Oct 27, 2017
1,828
Some owners are blind to the faults of their dogs. Like some parents I guess.

I've kicked a dog before. My personal hate is people unable to control their dogs from a distance and have to come over and physically get them off you. If you can't get it to come back to you when calling ("JESUS CHRIST, FENTON") then you have an uncontrollable dog and that could be a problem.

Now, I like dogs, but my 6 year old daughter is scared of them and has been since she was tiny, we were at the park playing football and this dog comes charging over, I can hear the owner in the distance "Jasper! Jasper, come here!" and it's leaping in my daughter's face and going WUFF at her and scrambling all over us and she's screaming, literally screaming in terror, and the fucking dog just wouldn't back down or fuck off, so I gave it a swift kick in the ribs and it got the message. And across the field comes a small distant voice "It's ok, he's very friendly, he won't hurt you!". Fuck. off. I'm sure he just wanted to play, but from my daughter's point of view this slavering hound from hell is all up in her face and it was terrifying for her and the owner was incapable of getting dog under control without coming over and physically dragging it away. We had words the owner and I about her dog control skills or lack thereof.

As far as I'm concerned if a dog does that to me or my kids, I'm justfied in snapping it's fucking neck or staving its head in. I don't know the intentions of your uncontrollable monster.
 
Nov 3, 2017
1,919
Truly curious how much of this is an "American" thing, or rest of the world.

Aussie here, and I take my two down to the local park daily for a run around. There would be a good, oh, 40 or so dogs all off the leash, running around and having a good time. Any anti-social dogs generally don't come back a second time, and with one of mine sorta in that category he's content to chill in my arms while the other and the others do their thing. It's an amazing sight, and I'd hate to see that go away!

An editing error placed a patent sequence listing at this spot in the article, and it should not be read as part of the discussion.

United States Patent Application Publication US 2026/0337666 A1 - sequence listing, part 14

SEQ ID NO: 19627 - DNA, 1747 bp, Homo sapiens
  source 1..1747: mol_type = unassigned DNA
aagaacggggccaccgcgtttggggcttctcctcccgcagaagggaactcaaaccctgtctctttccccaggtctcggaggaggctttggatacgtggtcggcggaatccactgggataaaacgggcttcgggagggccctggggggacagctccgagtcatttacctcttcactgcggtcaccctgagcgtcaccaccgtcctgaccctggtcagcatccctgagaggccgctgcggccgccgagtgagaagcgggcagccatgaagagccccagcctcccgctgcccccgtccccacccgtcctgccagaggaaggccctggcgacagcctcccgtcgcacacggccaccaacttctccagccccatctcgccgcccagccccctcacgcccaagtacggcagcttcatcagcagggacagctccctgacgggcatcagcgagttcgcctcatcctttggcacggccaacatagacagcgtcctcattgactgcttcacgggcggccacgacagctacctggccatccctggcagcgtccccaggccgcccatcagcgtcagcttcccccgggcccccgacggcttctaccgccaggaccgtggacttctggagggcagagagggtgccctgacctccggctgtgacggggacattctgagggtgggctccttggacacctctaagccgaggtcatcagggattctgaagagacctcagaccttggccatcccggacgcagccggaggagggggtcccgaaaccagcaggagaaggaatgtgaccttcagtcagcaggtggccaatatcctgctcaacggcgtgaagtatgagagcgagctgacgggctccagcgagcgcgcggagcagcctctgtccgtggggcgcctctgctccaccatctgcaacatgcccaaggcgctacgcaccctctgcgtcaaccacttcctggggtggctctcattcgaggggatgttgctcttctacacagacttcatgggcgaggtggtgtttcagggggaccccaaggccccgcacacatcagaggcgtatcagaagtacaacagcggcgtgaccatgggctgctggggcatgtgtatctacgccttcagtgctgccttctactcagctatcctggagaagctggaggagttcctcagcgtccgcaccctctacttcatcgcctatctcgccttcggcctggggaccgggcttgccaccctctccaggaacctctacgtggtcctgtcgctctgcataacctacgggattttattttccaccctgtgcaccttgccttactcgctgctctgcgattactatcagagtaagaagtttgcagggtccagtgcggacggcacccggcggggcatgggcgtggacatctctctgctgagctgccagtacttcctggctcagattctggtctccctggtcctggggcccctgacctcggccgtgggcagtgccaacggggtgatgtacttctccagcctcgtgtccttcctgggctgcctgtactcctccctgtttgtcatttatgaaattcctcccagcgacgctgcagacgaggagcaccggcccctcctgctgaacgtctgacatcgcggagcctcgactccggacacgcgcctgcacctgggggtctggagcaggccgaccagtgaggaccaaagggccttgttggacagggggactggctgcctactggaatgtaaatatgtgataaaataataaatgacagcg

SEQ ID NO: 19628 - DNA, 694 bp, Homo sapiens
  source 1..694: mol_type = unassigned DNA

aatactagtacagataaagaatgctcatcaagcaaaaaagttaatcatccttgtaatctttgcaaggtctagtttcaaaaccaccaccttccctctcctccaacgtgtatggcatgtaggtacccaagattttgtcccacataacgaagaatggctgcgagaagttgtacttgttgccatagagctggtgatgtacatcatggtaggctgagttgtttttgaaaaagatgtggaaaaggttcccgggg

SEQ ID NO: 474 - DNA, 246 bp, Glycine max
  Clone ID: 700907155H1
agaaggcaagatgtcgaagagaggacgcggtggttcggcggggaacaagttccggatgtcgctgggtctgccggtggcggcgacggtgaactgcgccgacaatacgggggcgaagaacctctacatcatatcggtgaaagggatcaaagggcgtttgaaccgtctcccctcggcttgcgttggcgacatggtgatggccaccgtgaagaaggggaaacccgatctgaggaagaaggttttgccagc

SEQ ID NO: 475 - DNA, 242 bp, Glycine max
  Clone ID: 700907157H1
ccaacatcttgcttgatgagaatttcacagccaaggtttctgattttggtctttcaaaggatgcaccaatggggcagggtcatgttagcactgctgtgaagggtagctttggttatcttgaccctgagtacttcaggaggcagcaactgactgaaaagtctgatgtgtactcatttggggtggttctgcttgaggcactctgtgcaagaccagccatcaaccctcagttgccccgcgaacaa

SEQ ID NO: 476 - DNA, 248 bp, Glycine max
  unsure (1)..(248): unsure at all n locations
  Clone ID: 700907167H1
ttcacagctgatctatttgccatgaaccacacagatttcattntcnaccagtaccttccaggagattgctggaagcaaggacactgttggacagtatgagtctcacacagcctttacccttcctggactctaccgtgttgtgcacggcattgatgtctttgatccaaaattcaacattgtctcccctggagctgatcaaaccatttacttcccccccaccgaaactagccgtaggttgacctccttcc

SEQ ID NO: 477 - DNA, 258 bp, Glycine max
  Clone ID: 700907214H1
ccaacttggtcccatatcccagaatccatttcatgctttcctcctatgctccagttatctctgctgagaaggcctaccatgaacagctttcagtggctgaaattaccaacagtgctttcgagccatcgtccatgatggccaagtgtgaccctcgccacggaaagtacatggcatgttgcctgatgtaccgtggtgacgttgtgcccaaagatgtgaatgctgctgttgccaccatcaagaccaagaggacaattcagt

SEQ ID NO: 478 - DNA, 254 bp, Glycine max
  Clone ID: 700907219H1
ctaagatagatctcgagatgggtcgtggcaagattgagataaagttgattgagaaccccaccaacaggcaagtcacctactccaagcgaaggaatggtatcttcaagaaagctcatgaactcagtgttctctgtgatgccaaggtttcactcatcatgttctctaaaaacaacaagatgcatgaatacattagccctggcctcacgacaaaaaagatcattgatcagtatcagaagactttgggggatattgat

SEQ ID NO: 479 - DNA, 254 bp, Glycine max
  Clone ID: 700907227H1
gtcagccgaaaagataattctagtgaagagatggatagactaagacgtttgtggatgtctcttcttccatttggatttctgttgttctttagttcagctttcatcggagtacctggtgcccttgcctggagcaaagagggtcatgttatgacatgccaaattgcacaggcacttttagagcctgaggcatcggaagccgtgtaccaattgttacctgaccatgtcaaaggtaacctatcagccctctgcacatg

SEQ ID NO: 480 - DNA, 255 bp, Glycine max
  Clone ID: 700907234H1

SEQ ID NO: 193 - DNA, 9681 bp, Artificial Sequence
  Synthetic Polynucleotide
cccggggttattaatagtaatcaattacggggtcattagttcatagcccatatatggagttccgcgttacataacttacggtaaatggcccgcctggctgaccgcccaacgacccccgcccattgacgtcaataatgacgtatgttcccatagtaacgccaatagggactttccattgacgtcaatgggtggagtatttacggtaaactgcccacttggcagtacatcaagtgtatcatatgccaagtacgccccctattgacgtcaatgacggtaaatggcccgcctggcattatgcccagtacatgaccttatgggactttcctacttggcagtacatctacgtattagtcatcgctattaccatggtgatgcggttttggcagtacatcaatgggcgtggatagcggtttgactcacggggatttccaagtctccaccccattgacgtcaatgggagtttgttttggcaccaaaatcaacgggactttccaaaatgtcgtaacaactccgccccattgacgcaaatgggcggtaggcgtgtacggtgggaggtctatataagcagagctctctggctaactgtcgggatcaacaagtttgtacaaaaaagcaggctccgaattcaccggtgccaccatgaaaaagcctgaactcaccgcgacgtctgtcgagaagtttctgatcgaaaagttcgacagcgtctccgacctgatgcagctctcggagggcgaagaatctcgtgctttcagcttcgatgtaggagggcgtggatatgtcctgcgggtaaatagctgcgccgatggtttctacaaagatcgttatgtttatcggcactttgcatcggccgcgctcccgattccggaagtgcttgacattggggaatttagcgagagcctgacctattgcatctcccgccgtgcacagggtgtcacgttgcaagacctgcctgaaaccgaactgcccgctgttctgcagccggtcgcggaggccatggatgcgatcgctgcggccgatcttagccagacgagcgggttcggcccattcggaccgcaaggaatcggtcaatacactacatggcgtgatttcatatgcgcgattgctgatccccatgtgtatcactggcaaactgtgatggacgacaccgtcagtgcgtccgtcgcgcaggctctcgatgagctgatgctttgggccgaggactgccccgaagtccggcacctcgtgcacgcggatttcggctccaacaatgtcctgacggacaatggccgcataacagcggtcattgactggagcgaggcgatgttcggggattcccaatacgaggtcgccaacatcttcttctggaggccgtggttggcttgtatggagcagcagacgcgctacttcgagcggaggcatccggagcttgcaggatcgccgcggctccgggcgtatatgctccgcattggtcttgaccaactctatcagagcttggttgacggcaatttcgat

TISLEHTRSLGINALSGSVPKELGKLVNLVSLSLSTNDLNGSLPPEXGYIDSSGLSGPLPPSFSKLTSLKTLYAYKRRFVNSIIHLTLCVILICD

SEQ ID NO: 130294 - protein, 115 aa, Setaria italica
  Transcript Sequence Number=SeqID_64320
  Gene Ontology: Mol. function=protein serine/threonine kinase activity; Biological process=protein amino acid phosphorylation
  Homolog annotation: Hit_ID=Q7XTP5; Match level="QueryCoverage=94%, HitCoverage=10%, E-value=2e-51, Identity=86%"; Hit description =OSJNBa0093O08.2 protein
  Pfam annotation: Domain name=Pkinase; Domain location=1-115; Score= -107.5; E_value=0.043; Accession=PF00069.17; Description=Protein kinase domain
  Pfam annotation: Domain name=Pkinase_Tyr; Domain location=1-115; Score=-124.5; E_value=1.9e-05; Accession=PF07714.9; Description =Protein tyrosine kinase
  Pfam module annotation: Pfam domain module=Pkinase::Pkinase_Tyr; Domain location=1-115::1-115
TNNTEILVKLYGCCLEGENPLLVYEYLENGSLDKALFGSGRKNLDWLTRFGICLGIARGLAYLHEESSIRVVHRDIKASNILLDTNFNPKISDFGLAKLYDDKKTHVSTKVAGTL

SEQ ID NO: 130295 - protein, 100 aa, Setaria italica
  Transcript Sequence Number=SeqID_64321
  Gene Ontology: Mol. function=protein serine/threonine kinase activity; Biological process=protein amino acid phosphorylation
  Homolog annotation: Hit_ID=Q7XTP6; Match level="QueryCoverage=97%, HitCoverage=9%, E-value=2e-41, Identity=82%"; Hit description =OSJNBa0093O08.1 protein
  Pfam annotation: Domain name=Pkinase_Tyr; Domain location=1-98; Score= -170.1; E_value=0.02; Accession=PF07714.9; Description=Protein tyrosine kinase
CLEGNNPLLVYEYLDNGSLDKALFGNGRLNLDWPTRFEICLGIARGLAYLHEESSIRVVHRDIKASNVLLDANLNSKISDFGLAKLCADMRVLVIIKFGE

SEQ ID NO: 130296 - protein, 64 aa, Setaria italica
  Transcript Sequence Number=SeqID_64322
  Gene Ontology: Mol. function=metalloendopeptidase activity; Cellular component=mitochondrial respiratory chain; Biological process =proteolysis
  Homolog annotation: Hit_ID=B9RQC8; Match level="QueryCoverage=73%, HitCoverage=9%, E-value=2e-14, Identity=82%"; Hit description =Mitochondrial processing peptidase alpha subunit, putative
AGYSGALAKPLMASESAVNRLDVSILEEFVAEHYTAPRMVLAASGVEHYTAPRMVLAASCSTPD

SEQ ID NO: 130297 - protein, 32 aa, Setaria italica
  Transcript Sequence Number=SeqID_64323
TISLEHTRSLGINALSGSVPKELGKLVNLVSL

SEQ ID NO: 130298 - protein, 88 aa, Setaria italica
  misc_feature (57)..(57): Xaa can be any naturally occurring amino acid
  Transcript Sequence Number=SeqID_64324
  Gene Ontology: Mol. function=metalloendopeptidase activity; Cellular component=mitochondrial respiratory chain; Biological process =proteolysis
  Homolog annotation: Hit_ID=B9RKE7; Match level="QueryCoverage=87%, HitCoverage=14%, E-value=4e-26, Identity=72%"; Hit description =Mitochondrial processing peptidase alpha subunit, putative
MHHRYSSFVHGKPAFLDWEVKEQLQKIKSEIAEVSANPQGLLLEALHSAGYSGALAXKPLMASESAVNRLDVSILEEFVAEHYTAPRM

-edit- No disrespect by saying it's an "American" thing, just genuinely curious whether it's a consideration or not!
I live in Sydney, and this has been my experience too. My office is near a public park and there’s just a shitton of dogs off leash every day.

One thing to note I guess is that Australia has restrictions on several dangerous dog breeds, so we’re a lot less likely to have like a pitbull running straight at us than someone living elsewhere
 

Chaeotic

Member
Oct 25, 2017
275
Perth, Western Australia
I live in Sydney, and this has been my experience too. My office is near a public park and there’s just a shitton of dogs off leash every day.

One thing to note I guess is that Australia has restrictions on several dangerous dog breeds, so we’re a lot less likely to have like a pitbull running straight at us than someone living elsewhere
Seeing some of the replies above, I think it's got less to do with the type of breed and the act of it running up. I appreciate even my smaller dogs (pugs), could appear threatening to a child if they came bounding up. Thankfully kids seem to adore the breed, and I've never had the issue appear!

I also speak as the survivor of a vicious attack by two Rottweilers as a child, while riding a bicycle. The dogs were unfortunately destroyed (I say that now, twenty years later), but it has taken me a good portion of my life to get over. So I can sympathize with the other side. There are some locations like the beach firmly avoid because of the lack of control, and I guess I'm rather content with my local park and the relative control there. Again, it's such a delight to see a group of forty odd dogs of varying sizes and breeds all run around socialising.